Listening to her talk about Ecuador and the time of her life that she had there has challenged me and my assumptions about the world. I never feel that I have an outward bias against countries, only a greater interest in others, but even that continues to be proven unfounded. This student advocating for a country that she loves and all the wonders it provides definitely has shifted my worldview. Although I still enjoy traveling to Europe, and am thoroughly excited to do so this summer, my view of Latin American, South American, and even Asian countries has been altered by the testimony of a dedicated student.
After much debate about studying abroad this summer, mainly about where I should go, I’m so excited to be going to Oxford, England with the OU Honors College this summer! I decided that if I was able to get in, the idea of studying at Oxford University in their traditional tutorial style was so exciting to me, it won out over my desire to travel to South Africa. Thankfully, I was accepted to the program, and will be going to Oxford in July!! While in Oxford, I’ll be attending an OU Honors Colloquium course with Mrs. Andrea DenHoed, an accomplished contributor to The New Yorker. Mrs. DenHoed has an extensive background in art criticism and history, and I’m excited to learn from her class, “From Bard to Banksy.” The readings have already been assigned, and I’ve started looking at the assignments. The majority of our writing assignments will be over art events and establishments that we attend while in Oxford. I think it will be a really good mix of academic background and hands-on experience, with the tutorial method supplementing the writing process.
I’ve also started getting to know some of the other people going on the program with me, which has been really cool. I know a few of the other students attending already, and we’ve started a large group chat with everyone in it to continue to get to know each other and make plans for side trips. The structure of the program is ideal for that, because our classes and tutorials are Tuesday through Thursday, so the weekends will be conducive to exploring the UK and Europe. I’m so unbelievably excited to learn at this incredible University, and to broaden my experience with my fellow OU peers!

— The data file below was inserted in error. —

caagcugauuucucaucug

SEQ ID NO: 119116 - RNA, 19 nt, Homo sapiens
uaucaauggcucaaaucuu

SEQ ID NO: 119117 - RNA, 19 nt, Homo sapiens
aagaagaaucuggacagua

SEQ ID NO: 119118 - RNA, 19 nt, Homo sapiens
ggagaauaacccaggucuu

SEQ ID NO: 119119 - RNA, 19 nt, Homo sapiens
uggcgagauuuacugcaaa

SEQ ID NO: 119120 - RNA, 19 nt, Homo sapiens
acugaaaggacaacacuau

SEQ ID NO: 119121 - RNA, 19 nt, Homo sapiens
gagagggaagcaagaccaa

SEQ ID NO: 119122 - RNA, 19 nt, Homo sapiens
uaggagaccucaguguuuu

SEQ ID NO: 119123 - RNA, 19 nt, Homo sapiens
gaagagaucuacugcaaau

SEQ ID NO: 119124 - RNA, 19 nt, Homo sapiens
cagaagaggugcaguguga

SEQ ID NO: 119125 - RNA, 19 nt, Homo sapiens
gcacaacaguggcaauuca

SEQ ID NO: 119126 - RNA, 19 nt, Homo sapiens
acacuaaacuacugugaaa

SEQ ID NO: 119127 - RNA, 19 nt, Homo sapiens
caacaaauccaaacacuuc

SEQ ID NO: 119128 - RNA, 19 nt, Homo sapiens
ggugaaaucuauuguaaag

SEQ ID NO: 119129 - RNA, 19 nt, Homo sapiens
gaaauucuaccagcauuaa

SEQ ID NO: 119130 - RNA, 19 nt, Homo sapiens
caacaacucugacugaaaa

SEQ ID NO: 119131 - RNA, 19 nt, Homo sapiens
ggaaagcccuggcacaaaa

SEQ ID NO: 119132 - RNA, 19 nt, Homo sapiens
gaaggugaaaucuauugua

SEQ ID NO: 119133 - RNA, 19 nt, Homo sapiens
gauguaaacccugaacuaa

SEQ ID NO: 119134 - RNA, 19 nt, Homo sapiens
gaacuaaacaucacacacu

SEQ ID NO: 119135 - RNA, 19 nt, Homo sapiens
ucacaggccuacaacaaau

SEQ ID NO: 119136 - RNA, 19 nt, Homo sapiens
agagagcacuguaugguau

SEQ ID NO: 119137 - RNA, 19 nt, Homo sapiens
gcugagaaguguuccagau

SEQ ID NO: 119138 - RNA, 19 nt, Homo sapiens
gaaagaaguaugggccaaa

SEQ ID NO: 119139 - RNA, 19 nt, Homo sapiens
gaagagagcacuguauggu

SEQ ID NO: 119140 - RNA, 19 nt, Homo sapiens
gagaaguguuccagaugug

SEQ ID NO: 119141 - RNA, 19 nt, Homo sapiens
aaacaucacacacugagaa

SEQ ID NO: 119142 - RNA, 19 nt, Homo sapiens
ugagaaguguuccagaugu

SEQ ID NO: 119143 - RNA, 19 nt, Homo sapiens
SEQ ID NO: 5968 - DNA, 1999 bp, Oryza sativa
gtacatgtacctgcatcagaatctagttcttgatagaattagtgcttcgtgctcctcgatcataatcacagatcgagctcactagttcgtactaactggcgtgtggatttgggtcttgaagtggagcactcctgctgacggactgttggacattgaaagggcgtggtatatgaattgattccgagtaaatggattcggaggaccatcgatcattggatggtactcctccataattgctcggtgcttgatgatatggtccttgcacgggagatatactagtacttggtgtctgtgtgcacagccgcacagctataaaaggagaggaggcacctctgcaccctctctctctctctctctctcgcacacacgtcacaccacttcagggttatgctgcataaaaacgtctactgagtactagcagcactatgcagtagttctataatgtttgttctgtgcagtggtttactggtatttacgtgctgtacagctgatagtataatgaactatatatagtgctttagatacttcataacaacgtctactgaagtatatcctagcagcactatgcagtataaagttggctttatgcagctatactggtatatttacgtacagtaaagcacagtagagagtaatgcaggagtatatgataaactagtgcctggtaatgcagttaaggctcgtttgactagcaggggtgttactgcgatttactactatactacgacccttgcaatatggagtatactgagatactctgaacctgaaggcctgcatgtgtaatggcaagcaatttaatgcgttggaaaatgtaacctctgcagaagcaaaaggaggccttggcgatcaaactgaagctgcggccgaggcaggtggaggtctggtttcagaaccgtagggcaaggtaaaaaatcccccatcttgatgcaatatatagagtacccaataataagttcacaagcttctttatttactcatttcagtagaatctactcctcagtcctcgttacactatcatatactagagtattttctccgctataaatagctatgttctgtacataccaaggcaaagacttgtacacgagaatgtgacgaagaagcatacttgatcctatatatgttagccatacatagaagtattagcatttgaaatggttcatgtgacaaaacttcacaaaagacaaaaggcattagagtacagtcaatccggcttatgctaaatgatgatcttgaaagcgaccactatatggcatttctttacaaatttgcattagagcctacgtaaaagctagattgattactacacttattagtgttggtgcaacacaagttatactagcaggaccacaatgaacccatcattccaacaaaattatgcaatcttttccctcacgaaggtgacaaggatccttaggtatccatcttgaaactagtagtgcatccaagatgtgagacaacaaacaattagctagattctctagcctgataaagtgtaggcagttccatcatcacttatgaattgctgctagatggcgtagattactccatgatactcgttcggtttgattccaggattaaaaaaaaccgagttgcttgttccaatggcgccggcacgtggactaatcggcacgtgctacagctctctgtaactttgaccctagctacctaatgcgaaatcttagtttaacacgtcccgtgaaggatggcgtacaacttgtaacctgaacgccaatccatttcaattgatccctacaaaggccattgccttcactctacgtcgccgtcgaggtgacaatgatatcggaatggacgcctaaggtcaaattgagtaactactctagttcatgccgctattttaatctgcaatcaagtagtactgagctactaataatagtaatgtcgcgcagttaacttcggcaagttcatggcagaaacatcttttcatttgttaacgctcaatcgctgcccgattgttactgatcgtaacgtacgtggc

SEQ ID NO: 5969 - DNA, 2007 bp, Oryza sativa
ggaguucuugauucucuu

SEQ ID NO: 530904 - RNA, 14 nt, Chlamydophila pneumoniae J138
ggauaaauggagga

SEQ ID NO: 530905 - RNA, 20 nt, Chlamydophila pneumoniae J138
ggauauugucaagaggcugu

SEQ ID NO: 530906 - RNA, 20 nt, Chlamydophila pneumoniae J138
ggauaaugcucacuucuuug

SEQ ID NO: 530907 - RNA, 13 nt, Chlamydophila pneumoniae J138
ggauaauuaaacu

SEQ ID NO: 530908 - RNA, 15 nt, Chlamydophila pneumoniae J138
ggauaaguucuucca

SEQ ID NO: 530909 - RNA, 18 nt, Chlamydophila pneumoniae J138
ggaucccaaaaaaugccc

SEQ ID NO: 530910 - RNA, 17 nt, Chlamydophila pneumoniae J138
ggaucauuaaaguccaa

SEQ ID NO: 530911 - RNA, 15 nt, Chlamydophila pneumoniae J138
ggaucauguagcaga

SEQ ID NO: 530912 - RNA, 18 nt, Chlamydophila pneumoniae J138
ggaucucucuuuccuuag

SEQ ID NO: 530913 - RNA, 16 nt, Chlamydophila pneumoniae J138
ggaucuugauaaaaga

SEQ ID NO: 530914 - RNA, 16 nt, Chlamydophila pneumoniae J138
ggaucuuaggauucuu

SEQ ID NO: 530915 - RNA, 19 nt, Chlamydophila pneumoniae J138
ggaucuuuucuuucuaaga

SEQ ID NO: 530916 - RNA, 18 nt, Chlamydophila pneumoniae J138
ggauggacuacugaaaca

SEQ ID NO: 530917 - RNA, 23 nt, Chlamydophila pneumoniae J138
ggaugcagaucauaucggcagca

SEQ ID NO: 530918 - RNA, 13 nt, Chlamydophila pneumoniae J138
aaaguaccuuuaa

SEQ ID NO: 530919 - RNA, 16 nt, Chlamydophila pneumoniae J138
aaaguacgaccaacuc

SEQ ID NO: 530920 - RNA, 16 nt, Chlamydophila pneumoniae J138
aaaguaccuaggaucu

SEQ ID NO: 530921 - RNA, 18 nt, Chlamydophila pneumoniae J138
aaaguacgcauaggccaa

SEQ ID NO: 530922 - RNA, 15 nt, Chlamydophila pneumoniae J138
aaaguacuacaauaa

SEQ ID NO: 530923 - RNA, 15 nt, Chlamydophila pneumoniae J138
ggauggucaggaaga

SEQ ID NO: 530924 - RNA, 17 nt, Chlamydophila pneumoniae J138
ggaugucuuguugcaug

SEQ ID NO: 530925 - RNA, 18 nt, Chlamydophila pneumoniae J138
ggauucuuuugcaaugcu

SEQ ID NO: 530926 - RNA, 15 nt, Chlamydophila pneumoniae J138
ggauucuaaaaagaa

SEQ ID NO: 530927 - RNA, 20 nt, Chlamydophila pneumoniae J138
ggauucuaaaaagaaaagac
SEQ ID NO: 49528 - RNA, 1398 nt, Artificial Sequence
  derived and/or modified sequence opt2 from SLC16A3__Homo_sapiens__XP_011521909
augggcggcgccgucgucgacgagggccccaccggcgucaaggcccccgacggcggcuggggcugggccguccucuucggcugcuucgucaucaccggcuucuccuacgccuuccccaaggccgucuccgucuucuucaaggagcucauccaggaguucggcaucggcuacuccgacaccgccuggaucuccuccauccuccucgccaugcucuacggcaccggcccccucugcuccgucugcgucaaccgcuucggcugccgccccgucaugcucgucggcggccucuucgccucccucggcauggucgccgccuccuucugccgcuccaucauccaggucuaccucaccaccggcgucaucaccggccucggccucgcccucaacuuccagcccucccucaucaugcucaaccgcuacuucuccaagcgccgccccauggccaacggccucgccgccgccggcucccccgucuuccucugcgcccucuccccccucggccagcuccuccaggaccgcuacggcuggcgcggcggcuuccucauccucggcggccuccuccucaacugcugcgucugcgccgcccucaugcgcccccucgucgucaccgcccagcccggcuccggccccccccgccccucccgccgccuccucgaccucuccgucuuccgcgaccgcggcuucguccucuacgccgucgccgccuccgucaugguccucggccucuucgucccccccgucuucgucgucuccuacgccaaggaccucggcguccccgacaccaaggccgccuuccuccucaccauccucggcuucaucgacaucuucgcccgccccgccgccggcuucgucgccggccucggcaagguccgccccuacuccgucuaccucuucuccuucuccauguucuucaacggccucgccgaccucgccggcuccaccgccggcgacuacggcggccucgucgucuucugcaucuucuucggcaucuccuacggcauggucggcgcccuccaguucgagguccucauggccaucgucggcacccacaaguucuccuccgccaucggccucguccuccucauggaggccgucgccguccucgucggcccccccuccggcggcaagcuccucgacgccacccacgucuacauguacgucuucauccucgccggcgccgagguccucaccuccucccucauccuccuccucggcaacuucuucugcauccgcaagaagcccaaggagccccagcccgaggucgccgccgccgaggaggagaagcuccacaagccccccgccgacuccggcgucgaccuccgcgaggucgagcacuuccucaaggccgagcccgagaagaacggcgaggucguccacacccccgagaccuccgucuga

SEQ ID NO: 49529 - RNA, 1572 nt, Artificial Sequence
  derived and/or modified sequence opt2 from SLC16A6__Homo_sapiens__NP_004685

This semester, I had the pleasure of attending a talk sponsored by one of my former professors: Dr. Dan Mains, who I had for “Globalizing Africa,” an honors perspectives course. In that class, Dr. Mains did an excellent job challenging students with interesting academic and ethnographic material about the way that globalization has affected African economics, societies, and political structures. The talk I went to this semester followed a similar pattern: the rising economic power of Ethiopia, and how they will manage it moving forward.
Going into the seminar, I had the background of Dr. Mains’ class and my limited knowledge of foreign investment in African markets and economies, particularly informal ones. Dr. Mains added to and expanded this knowledge – he informed us that China in particular, but also other Asian and European countries, contributes a large amount of foreign investment to African countries, including Ethiopia. They invest in these informal economies as well as business ventures, but the infrastructure of the investment expands far beyond even that. China specifically also contributes investment to Ethiopia’s infrastructure, including factories, dams, and railroads. This has accelerated the economic growth opportunities of Ethiopia, especially in the textile industry.